Democrats entered the 1895 gubernatorial election badly split over the question of free silver.[14] Party leaders John G. Carlisle, Henry Watterson, and William Lindsay were all advocates of sound money principles.[14] At the party's nominating convention, these leaders succeeded in getting the party to adopt a platform that included a sound money plank.[14] Nevertheless, the delegates chose Hardin, a free silver supporter, as their gubernatorial candidate over Cassius Clay, Jr., a sound money supporter.[14] Historian James Klotter attributes the choice of Hardin to the candidate's overwhelming personal popularity.[14]

Seeing the split in the Democratic ranks over the money question, Republicans, having never won the governorship of Kentucky before, put forth their strongest candidate, William O. Bradley, to oppose Hardin.[15] The Populist Party also put forth a strong candidate, Thomas Pettit of Owensboro.[15] The major party candidates agreed to a series of debates across the state.[16] The first debate was held in Louisville on August 19, 1895.[16] Hardin opened the debate with an attack on the Republican Party for its "carpetbagger despotism" during Reconstruction.[16] Though pro-Southern oratory had long been a campaign tactic of Democratic candidates, Hardin was shocked by a heckler who cried out "The war is over; give us something else."[16] The comment shocked Hardin, and the rest of his performance in the debate was affected.[17] Even sympathetic newspapers admitted that his usual glowing oratory had failed him.[17]

Despite the official party platform in favor of the gold standard, Hardin threw his support to the free silver position early in the race, believing he needed to do so in order to keep the party's rural agrarians from bolting to the Republicans.[15] The strategy backfired as conservative Democrats abandoned the party.[15] Sitting Democratic governor Brown refused to campaign for Hardin, and the Populist Party also ran Thomas S. Pettit, who siphoned off votes for Hardin. Republican Bradley also gained some Democratic votes from the American Protective Association, a secret fraternal group opposed to Catholics and immigrants.[18] In the general election, Hardin lost to Bradley 172,436 to 163,524.[18]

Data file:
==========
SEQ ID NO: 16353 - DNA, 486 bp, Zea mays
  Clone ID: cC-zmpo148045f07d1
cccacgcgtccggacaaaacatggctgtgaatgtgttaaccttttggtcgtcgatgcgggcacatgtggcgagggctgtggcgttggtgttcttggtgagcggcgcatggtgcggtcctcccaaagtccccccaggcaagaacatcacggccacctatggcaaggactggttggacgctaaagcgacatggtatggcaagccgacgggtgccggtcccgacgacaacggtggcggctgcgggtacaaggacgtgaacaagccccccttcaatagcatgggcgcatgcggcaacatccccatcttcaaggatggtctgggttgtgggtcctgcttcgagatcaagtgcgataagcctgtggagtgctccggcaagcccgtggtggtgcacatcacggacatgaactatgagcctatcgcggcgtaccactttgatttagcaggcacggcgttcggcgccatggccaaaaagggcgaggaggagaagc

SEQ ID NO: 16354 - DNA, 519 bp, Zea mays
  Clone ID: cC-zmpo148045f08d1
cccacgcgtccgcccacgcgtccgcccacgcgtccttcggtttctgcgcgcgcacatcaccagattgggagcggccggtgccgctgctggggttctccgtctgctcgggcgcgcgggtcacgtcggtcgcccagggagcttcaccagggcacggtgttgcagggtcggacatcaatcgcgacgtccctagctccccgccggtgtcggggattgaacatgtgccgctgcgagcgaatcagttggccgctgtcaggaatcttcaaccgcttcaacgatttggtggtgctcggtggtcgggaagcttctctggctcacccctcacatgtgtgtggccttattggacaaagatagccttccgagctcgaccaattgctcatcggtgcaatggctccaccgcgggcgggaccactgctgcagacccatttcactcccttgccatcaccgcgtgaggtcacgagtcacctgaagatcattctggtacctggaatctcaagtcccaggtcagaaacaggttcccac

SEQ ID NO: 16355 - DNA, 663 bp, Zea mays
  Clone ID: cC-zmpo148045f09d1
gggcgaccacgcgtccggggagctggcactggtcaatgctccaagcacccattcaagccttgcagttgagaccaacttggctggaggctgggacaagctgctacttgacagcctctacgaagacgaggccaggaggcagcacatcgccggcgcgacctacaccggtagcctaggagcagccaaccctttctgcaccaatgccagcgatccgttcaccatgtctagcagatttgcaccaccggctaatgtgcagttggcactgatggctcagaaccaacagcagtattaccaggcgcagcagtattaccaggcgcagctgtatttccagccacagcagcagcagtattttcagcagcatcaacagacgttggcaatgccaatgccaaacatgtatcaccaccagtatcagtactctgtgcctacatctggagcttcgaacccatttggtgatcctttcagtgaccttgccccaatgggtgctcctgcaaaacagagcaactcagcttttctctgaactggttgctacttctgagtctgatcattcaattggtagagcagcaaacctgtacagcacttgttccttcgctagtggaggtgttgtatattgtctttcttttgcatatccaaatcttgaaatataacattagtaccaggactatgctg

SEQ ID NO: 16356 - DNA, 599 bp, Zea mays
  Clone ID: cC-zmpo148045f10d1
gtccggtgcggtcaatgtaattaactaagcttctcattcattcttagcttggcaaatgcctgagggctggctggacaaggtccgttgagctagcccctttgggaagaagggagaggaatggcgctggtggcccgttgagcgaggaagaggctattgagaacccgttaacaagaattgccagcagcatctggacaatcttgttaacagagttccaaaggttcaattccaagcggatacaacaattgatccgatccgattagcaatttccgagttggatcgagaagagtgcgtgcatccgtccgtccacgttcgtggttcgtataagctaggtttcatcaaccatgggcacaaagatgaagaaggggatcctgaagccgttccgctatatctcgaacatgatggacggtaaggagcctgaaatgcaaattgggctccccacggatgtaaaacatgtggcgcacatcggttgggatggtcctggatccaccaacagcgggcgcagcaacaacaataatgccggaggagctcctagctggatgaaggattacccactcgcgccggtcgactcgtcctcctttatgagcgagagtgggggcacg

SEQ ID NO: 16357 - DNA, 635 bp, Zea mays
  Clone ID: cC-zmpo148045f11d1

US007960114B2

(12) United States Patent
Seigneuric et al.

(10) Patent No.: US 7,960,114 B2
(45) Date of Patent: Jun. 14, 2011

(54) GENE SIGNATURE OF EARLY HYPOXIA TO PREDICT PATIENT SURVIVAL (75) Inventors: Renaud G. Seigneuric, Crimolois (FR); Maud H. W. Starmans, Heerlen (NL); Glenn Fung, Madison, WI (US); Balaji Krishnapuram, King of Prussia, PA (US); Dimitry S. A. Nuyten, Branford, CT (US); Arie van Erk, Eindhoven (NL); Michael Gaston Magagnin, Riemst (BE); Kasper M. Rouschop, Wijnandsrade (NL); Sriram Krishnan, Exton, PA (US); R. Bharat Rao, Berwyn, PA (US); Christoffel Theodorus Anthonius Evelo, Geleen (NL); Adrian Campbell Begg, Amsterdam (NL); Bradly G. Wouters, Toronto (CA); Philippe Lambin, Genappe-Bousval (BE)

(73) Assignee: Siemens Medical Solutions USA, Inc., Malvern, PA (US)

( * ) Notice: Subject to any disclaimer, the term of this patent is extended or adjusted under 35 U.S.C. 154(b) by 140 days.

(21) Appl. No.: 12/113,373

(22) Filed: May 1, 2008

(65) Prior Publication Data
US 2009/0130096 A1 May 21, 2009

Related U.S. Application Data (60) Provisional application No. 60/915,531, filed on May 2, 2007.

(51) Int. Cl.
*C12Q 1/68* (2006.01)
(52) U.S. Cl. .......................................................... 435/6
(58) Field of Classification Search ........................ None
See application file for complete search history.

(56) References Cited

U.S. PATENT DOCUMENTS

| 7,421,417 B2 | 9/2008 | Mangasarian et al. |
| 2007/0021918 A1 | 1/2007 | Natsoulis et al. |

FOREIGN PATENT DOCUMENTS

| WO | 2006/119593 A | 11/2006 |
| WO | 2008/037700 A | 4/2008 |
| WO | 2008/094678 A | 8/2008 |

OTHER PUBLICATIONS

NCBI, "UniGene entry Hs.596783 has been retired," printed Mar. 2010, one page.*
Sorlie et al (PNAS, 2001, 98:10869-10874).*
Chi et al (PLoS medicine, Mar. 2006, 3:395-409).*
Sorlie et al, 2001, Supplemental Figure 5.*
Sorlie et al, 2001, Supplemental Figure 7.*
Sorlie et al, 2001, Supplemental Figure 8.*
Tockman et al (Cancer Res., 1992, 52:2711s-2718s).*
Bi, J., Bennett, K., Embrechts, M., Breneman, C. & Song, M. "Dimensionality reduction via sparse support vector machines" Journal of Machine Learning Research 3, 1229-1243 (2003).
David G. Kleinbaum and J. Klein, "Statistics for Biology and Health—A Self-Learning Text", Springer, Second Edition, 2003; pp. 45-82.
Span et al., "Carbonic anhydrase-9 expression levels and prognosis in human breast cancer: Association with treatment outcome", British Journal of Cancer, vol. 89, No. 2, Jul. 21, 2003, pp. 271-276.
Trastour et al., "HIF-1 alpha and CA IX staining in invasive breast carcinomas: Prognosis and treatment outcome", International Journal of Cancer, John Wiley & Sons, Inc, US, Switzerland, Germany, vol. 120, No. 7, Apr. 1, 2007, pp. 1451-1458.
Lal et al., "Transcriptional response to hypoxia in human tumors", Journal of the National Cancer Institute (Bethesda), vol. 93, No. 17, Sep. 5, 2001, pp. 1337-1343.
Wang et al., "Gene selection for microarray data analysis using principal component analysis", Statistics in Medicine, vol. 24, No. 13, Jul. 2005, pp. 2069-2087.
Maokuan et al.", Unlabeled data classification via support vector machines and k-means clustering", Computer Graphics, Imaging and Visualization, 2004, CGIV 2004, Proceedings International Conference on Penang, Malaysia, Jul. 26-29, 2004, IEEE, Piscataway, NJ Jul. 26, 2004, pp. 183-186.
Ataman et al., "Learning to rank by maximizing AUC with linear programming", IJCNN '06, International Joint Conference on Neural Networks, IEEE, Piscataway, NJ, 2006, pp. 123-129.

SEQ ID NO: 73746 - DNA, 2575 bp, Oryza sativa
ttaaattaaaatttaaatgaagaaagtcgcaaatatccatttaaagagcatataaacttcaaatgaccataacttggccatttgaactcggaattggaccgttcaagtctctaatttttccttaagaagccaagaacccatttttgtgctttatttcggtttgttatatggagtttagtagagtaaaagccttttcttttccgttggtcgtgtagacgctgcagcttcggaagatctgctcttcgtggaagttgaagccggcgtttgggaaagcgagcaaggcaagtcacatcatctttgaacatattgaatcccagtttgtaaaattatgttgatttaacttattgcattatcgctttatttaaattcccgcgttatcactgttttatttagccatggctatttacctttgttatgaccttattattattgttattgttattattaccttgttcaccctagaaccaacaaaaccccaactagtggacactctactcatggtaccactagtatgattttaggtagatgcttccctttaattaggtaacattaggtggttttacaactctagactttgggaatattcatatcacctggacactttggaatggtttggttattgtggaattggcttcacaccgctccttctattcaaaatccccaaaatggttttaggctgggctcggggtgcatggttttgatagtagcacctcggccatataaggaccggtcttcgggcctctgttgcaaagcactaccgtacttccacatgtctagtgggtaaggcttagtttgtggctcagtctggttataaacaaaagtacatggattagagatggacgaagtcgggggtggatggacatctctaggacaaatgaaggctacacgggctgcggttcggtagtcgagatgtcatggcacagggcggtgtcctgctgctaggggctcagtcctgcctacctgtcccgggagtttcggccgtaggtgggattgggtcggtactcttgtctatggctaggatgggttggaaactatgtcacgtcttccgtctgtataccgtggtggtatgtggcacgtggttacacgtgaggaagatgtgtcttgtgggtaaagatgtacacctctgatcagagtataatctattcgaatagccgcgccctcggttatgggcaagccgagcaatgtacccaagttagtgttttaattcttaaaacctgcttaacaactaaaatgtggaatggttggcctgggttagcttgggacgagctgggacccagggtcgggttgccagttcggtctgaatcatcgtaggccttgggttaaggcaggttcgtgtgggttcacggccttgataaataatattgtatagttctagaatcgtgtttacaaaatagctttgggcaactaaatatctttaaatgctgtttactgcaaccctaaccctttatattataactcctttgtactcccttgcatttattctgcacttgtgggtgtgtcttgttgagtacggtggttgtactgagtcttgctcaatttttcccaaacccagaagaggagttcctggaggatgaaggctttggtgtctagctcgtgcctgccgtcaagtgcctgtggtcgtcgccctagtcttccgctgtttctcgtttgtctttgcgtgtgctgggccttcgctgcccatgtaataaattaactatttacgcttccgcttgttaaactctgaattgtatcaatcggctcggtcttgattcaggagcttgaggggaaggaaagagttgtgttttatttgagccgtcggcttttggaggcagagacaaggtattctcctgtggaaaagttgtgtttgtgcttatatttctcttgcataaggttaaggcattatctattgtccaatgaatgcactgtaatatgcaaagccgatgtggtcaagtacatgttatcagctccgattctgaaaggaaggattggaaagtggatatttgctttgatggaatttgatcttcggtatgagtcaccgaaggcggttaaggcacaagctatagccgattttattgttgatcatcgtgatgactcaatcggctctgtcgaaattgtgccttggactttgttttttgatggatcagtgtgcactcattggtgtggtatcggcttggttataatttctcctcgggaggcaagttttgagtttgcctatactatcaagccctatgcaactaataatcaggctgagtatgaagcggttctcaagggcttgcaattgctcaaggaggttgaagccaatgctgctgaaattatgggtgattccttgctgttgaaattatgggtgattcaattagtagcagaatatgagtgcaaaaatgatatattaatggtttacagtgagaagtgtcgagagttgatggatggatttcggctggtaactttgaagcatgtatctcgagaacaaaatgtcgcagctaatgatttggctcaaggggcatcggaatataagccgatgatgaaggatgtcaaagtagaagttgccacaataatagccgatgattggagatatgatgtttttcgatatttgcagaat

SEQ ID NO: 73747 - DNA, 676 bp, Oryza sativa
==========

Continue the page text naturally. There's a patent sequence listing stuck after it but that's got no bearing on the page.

Gubernatorial election of 1899

Hardin was among three men who sought the Democratic gubernatorial nomination in 1899.[19] The others were former congressman William Johnson Stone and state senator William Goebel.[19] Hardin was the early favorite to win the nomination.[19] He was supported by the powerful Louisville and Nashville (L&N) Railroad and by Louisville political boss John Henry Whallen.[20] His free silver views helped him with the state's populist voters, but Stone, from rural western Kentucky, was also courting those voters.[19] Stone had an additional advantage among this group because he was not associated with a large corporation like the L&N.[19] Goebel primarily had his support among the state's urban areas.[21]

Just prior to the nominating convention, representatives for Goebel and Stone met to negotiate a deal whereby they could overcome the front-runner, Hardin.[22] Goebel agreed to instruct half of his delegates from Louisville to vote for Stone in exchange for Stone's support of his choice of convention chairman.[21] The two sides further agreed that if their candidate was defeated or withdrew, their delegates would support the other and not Hardin.[22]

The convention opened on June 21, 1899 in Louisville's Music Hall.[21] Stone supporter Ollie M. James nominated Judge David B. Redwine for chairman.[22] When Urey Woodson, a Goebel supporter, seconded the nomination, the deal between the two men became apparent to all.[22] Hardin supporters nominated William H. Sweeney of Marion County, but Sweeney was defeated by a vote of 551 1/6 to 529 5/6.[23] Hardin incurred a further disadvantage when only four of his supporters were named to the thirteen-member committee on credentials.[23] This committee would decide which delegates would be allowed to vote from delegations that were contested.[23]